The failings of MySQL’s curtime function

By Adrian Smith7 Jul 2011400 words2 mins to read

The MySQL curtime function has (at least) the following issues:

  1. The function returns the current time as a number i.e. the time quarter past 8 would be returned from the function as the number 201500. (So if you subtract one from such a number you get 201499 which has no meaning.)
  2. The function only returns this if you use it in an "integer context", i.e. (x+0) causes x to be evaluated to an integer. (Otherwise it produces a string in a different format.)
  3. At some point the function was changed not to return an integer but to return a decimal with 6 decimal places. As far as I can tell these 6 decimal places are always zero. The example in the documentation also supports this experience.
  4. There is no way to specify a timezone. When going from a point in time (e.g. unix time or simply the concept of "now") to/from an external format (hours, minutes, year, ...) you must always specify a timezone. The concept of the "default timezone" should just be eradicated and deleted from the world. If I had a time-machine, the first thing I would do is go back and prevent this concept's creation. (The user must see the data in their timezone, which on a web application needn't be the same as the server's. And if you are writing a desktop application, you need to decide explicitly to use the user's timezone, as not all data might be for the user, e.g. data from a server or database.)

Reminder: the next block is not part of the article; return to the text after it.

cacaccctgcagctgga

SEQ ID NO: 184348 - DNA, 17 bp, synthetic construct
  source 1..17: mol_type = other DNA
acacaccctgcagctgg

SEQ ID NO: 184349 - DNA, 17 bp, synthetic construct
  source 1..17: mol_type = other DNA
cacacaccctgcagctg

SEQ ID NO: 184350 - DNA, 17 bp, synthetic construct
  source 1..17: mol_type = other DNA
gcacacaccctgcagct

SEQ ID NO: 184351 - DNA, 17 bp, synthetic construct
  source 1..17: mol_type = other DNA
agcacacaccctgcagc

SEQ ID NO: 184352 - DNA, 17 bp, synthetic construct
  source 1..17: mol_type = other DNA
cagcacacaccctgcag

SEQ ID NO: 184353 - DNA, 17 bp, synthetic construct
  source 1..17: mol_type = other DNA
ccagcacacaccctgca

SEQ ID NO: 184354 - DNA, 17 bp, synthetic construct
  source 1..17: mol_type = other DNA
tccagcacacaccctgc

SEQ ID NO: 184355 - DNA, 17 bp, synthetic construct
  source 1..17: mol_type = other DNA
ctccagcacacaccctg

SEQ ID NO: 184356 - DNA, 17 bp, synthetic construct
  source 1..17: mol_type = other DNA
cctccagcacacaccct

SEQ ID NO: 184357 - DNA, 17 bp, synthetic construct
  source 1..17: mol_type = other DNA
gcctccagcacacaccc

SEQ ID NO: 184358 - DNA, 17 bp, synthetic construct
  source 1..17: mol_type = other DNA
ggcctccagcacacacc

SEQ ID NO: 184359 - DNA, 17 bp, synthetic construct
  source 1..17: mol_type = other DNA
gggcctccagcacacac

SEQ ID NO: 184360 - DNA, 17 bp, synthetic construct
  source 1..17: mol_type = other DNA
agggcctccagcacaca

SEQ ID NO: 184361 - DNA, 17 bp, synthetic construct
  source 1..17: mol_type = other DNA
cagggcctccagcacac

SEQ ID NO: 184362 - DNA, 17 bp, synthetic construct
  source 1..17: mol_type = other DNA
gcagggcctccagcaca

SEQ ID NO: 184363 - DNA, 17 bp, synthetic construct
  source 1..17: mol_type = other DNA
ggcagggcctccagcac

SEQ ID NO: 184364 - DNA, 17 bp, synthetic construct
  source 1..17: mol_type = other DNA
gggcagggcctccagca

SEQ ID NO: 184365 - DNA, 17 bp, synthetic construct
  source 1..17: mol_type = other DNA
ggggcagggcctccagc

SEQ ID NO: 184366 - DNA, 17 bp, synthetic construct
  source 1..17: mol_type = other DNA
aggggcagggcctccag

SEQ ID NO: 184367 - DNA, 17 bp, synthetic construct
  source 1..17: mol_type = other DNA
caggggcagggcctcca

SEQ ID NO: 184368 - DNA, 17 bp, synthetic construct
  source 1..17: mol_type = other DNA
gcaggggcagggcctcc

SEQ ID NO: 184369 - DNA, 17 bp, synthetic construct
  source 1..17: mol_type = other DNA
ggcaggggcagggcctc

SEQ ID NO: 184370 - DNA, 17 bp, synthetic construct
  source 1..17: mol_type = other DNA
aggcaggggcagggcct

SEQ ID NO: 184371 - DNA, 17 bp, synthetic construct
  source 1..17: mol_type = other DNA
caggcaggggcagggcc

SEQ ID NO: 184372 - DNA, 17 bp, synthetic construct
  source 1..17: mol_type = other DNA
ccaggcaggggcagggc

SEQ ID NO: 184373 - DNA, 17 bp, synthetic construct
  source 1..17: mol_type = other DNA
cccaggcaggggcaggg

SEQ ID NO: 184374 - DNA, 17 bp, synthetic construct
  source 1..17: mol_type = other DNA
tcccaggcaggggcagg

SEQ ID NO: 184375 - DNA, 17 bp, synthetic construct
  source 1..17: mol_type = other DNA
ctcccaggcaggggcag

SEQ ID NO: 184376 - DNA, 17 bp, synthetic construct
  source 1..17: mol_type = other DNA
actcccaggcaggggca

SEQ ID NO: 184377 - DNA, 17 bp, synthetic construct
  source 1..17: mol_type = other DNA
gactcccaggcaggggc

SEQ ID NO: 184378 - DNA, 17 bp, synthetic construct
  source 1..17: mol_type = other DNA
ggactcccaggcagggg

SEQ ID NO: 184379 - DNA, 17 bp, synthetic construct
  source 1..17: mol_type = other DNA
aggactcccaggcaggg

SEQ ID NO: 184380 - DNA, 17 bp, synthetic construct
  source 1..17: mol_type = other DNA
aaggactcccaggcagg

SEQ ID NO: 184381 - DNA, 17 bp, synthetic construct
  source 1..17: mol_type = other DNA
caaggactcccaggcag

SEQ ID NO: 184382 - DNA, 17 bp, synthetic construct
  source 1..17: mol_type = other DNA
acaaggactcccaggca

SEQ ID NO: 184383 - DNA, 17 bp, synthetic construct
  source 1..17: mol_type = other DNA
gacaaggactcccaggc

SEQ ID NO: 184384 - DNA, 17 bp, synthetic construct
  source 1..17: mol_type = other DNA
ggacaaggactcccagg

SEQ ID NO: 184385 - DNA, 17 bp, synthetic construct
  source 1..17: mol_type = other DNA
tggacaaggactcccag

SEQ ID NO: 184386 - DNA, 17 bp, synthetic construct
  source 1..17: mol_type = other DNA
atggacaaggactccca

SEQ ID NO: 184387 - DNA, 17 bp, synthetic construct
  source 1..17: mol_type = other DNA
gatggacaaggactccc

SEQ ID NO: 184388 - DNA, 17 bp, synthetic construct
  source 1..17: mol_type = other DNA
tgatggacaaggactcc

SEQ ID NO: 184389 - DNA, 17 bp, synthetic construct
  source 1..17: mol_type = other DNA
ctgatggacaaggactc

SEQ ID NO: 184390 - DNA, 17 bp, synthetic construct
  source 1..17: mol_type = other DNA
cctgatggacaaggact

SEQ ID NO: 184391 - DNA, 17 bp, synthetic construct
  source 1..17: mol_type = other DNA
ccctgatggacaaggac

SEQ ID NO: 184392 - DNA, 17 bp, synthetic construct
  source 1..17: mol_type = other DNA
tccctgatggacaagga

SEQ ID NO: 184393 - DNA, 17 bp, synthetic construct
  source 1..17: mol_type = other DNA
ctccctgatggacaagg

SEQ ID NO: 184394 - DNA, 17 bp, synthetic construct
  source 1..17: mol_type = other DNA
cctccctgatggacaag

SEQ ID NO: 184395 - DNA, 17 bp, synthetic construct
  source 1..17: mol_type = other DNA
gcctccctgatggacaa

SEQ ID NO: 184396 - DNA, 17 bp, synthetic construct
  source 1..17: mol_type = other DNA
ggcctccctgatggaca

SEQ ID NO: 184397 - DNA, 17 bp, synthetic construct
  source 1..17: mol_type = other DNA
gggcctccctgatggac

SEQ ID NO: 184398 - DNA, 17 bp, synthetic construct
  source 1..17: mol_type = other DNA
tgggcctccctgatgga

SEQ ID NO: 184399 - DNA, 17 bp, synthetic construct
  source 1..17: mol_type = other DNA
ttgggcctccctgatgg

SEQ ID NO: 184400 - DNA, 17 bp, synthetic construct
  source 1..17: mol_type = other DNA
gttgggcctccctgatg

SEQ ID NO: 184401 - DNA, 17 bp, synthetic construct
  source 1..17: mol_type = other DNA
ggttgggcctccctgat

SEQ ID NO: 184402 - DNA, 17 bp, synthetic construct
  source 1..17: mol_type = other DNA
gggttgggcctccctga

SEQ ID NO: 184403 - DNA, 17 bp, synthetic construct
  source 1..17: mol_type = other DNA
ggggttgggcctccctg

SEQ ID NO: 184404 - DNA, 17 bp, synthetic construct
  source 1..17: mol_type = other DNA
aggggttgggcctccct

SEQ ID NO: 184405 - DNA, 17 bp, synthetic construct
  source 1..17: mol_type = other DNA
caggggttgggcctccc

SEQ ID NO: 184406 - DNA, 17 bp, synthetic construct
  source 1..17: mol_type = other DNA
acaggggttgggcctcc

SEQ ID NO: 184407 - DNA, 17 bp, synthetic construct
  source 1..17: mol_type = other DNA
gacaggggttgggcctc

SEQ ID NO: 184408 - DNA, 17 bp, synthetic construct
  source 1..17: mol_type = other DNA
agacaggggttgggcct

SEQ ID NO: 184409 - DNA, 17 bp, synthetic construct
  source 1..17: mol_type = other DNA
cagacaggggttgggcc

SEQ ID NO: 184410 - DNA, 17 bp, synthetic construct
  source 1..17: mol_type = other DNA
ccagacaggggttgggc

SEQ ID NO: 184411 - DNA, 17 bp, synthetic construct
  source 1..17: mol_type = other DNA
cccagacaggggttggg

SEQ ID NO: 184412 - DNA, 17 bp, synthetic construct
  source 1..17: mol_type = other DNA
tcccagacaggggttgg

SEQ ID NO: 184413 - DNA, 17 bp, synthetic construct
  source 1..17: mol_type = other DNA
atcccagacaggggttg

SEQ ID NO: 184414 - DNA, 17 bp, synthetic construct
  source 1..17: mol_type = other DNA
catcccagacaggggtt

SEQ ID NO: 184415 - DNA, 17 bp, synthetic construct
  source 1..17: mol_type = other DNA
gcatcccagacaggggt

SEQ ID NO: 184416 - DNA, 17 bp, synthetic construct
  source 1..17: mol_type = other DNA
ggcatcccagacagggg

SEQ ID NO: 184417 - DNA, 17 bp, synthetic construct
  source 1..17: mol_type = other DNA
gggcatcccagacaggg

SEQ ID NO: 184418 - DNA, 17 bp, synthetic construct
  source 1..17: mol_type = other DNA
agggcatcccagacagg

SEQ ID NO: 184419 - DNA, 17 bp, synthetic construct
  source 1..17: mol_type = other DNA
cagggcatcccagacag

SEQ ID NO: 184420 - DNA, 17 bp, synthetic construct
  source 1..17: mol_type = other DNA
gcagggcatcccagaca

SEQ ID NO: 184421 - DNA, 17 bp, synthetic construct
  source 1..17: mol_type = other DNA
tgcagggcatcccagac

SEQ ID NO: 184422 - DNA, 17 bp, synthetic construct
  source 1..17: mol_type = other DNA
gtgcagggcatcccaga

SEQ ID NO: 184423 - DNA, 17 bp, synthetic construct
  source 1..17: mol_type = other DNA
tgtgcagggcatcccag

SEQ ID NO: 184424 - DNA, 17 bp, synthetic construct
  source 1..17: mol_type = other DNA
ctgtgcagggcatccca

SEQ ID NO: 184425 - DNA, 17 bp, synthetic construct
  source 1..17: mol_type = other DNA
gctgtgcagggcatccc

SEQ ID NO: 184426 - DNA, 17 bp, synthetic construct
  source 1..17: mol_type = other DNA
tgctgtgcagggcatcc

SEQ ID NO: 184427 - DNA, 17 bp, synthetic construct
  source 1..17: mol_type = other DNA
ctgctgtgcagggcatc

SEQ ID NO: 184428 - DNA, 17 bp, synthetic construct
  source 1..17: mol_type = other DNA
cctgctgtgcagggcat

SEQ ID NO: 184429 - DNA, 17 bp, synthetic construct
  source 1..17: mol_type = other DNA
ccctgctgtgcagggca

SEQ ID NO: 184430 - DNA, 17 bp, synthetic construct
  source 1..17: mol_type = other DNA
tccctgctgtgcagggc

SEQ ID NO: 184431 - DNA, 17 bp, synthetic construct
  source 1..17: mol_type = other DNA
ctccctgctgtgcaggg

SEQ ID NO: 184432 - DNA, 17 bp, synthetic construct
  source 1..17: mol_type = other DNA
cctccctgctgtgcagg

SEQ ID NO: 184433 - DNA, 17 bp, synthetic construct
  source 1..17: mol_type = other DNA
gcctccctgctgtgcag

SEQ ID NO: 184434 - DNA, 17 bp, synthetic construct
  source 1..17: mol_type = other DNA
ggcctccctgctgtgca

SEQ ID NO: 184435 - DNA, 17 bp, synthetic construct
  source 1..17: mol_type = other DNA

5. I don't really think the name of the function is very good (saving characters by abbreviating the name, but why?)

Why would you ever use a function? Why would you ever add it to your database product. *Shakes Head*

I welcome feedback of the form "this is an amazing function, I've used it my application and it fitted my need exactly". I do really welcome this. Please don't hold back.

Related: curdate, now.

This article was written by Adrian Smith on 7 Jul 2011

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